Other Exhibitions

This is an archive of selected past exhibitions, some of which were not organised or sponsored by Designer Bookbinders, or may not have involved all the Fellows and Licentiates.


COVERED: Beauty and Art in Contemporary Bookbinding

2006 | 2007 | 2010 | 2013
Click on the date to see a gallery of images from the exhibition.



JAPAN 2006

After nearly six years of planning, 'Beautiful British Books', the first exhibition to feature the work of DB in Japan opened on 22 April 2006 at the Ashikaga Museum of Art, and subsequently visited two other venues.

The exhibition was in two parts. The first part, 'Tradition, Flourish and Development', traced the history of the book in Britain, from William Caxton to the private press movement. The second part concentrated on the work of DB. In all, there were over 130 exhibits, with the exhibiting members of DB contributing forty-three bindings, all created specially for this exhibition.

'Beautiful British Books' not only marked the first opportunity for DB to exhibit in Japan, but was also the first exhibition of its kind in that country. It was also, perhaps, a first for DB in another way, in that the exhibition enabled visitors to see DB bindings within a historical context.

Ashikaga Museum of Art (in Ashikaga City) is a modern, purpose-built building with all the facilities that any exhibitor could ask for. Ashikaga is renowned throughout Japan for its flower gardens and its university (with library) dating from the fifteenth century. Although the museum was the smallest of the three venues that hosted the exhibition, the layout inside was perfect.

To single out books within the exhibition for individual merit is impossible; needless to say, the works featured represented some of the best and most well-known books produced in Britain. The exhibition explored the nature of print, illustration, binding, decoration, format and structure of the book through the centuries. The exhibition began with Caxton and continued chronologically to classic examples of the private press and studio bindery movement such as the Kelmscott, Doves and Golden Cockerel Press. The exhibition then moved seamlessly on to the second part of the exhibition, which concentrated on the work of DB. As with all the exhibits, DB bindings were housed in display cases, many of which were purpose-built for the books they contained.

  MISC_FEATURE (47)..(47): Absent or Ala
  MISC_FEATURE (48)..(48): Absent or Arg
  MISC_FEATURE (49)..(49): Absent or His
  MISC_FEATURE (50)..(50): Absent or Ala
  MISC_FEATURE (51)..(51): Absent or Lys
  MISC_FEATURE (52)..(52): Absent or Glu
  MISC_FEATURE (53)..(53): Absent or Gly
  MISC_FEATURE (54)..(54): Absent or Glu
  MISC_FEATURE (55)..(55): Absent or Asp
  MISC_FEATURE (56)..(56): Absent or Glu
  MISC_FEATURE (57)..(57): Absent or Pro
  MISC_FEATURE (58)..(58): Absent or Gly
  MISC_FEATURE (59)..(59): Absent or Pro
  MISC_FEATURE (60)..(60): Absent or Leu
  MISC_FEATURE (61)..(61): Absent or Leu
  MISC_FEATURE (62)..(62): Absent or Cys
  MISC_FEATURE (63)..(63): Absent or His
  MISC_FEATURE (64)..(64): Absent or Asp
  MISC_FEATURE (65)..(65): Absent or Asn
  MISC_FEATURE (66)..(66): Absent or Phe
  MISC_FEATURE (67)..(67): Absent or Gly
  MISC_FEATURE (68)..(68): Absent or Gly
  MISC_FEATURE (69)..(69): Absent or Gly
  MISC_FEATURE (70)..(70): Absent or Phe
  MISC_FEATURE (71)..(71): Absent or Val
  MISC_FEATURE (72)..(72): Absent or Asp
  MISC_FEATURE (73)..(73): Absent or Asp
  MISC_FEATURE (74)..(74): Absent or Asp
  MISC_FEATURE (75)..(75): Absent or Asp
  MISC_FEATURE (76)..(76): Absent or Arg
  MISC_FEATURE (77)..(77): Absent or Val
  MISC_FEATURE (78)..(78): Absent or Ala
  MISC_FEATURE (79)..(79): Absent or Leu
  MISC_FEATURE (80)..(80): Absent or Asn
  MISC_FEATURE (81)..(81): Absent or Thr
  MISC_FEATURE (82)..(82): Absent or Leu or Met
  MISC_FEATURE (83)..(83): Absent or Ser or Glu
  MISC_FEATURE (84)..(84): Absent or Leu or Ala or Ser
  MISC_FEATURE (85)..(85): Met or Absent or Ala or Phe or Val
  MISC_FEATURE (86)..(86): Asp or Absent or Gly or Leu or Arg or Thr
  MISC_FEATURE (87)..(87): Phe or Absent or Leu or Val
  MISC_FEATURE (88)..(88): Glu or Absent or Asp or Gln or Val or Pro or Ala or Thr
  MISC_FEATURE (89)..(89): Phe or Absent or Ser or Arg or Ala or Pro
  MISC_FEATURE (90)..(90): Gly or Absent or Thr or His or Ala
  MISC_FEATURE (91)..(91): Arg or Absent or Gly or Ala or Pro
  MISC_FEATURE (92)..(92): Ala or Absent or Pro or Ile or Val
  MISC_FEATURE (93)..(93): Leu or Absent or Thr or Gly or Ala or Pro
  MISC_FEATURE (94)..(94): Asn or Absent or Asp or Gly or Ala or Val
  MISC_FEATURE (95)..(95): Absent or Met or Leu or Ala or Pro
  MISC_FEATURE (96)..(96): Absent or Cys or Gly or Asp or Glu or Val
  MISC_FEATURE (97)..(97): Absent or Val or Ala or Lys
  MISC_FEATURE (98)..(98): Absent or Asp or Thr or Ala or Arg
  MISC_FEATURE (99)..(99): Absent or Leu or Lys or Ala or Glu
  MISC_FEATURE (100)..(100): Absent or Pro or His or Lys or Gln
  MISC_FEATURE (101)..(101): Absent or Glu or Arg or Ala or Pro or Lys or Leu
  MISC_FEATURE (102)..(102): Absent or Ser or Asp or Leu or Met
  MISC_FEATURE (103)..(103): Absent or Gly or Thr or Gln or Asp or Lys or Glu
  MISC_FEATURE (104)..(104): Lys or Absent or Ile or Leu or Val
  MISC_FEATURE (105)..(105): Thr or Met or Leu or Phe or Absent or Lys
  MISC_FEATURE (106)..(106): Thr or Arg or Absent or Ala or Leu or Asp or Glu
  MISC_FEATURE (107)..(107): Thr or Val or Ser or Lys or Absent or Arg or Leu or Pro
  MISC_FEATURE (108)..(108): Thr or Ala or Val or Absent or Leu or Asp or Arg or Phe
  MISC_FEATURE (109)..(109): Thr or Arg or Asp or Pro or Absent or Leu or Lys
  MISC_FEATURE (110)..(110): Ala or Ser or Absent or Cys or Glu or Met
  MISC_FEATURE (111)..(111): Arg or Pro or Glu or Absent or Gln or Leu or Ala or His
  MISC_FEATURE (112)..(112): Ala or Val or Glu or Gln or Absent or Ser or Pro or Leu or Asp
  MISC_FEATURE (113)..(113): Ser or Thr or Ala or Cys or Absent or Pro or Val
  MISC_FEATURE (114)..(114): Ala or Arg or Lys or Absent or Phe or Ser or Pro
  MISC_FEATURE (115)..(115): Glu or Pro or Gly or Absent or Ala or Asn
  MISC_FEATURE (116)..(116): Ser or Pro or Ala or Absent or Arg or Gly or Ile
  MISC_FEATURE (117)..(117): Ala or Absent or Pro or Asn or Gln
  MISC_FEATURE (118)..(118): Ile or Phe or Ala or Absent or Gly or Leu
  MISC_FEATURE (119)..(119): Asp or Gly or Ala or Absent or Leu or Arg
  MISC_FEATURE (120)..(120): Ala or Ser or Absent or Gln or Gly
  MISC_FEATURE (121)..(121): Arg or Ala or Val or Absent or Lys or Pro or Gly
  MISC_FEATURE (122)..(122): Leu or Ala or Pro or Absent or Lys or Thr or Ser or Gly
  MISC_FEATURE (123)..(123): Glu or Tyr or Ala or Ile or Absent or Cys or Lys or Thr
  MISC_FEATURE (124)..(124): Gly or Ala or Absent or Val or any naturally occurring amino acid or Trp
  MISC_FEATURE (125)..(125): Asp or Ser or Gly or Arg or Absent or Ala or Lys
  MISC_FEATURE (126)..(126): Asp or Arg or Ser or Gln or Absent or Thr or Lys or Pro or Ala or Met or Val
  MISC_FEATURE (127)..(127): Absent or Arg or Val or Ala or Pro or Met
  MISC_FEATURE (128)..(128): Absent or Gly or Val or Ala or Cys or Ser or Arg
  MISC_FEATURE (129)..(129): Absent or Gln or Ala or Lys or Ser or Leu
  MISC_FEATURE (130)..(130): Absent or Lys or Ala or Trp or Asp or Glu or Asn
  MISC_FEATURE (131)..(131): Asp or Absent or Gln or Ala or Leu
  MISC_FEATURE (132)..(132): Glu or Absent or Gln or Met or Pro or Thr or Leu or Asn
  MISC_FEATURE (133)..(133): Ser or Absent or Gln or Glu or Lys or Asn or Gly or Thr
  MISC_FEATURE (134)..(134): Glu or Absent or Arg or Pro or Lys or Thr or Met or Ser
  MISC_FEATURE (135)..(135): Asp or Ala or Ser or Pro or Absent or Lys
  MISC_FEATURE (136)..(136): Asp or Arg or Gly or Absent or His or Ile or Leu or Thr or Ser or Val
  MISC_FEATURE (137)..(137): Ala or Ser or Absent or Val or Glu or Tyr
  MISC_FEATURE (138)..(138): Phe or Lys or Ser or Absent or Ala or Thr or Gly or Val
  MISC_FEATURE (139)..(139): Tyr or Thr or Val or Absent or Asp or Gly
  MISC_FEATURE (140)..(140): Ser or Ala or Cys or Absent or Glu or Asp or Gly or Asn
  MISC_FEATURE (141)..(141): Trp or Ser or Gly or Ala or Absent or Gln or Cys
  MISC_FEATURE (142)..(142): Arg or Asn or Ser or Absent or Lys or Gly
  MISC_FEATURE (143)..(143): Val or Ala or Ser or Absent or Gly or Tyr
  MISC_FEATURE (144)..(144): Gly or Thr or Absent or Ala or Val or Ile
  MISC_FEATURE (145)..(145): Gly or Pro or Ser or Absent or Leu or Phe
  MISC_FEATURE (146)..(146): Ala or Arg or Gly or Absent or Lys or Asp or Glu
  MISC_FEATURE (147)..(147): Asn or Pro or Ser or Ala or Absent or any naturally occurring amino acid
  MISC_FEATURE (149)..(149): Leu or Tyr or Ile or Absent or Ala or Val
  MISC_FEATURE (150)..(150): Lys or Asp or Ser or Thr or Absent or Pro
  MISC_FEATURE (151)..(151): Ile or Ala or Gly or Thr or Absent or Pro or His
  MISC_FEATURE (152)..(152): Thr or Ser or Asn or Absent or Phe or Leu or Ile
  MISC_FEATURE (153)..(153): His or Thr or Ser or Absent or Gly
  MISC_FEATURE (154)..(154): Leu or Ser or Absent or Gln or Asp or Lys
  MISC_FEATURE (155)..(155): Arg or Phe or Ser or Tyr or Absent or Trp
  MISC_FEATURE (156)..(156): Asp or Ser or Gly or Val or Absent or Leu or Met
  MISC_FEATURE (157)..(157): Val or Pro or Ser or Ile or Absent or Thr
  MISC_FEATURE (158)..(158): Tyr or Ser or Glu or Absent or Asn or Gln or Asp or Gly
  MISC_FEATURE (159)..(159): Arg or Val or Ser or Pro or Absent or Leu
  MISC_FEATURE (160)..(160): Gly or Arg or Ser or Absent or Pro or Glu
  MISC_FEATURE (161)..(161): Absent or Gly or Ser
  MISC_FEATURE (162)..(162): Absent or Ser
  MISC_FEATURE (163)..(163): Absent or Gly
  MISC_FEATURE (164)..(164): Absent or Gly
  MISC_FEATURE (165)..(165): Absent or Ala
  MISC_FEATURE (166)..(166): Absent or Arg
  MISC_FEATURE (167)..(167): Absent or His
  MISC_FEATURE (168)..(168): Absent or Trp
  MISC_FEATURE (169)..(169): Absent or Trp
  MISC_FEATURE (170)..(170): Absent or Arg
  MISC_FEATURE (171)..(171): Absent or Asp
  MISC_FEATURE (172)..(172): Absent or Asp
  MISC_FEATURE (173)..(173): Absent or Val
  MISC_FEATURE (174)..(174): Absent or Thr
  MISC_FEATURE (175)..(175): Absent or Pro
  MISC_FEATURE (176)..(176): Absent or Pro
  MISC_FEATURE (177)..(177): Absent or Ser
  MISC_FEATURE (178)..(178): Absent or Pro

The actual setting up of the DB gallery took two days and was supervised by Midori Kunikata--Cockram working alongside a team of six curators and lighting and display specialists. To Midori's surprise, one of the senior members of the team turned out to be a work colleague from some twenty years ago. Mr. Horiya and Midori had worked on a Modigliani exhibition at the National Museum of Modern Art (Tokyo). Mr. Horiya had also previously spent some time living in England, having been awarded a Henry Moore Foundation Scholarship, and he enjoyed being able to help set up the DB gallery.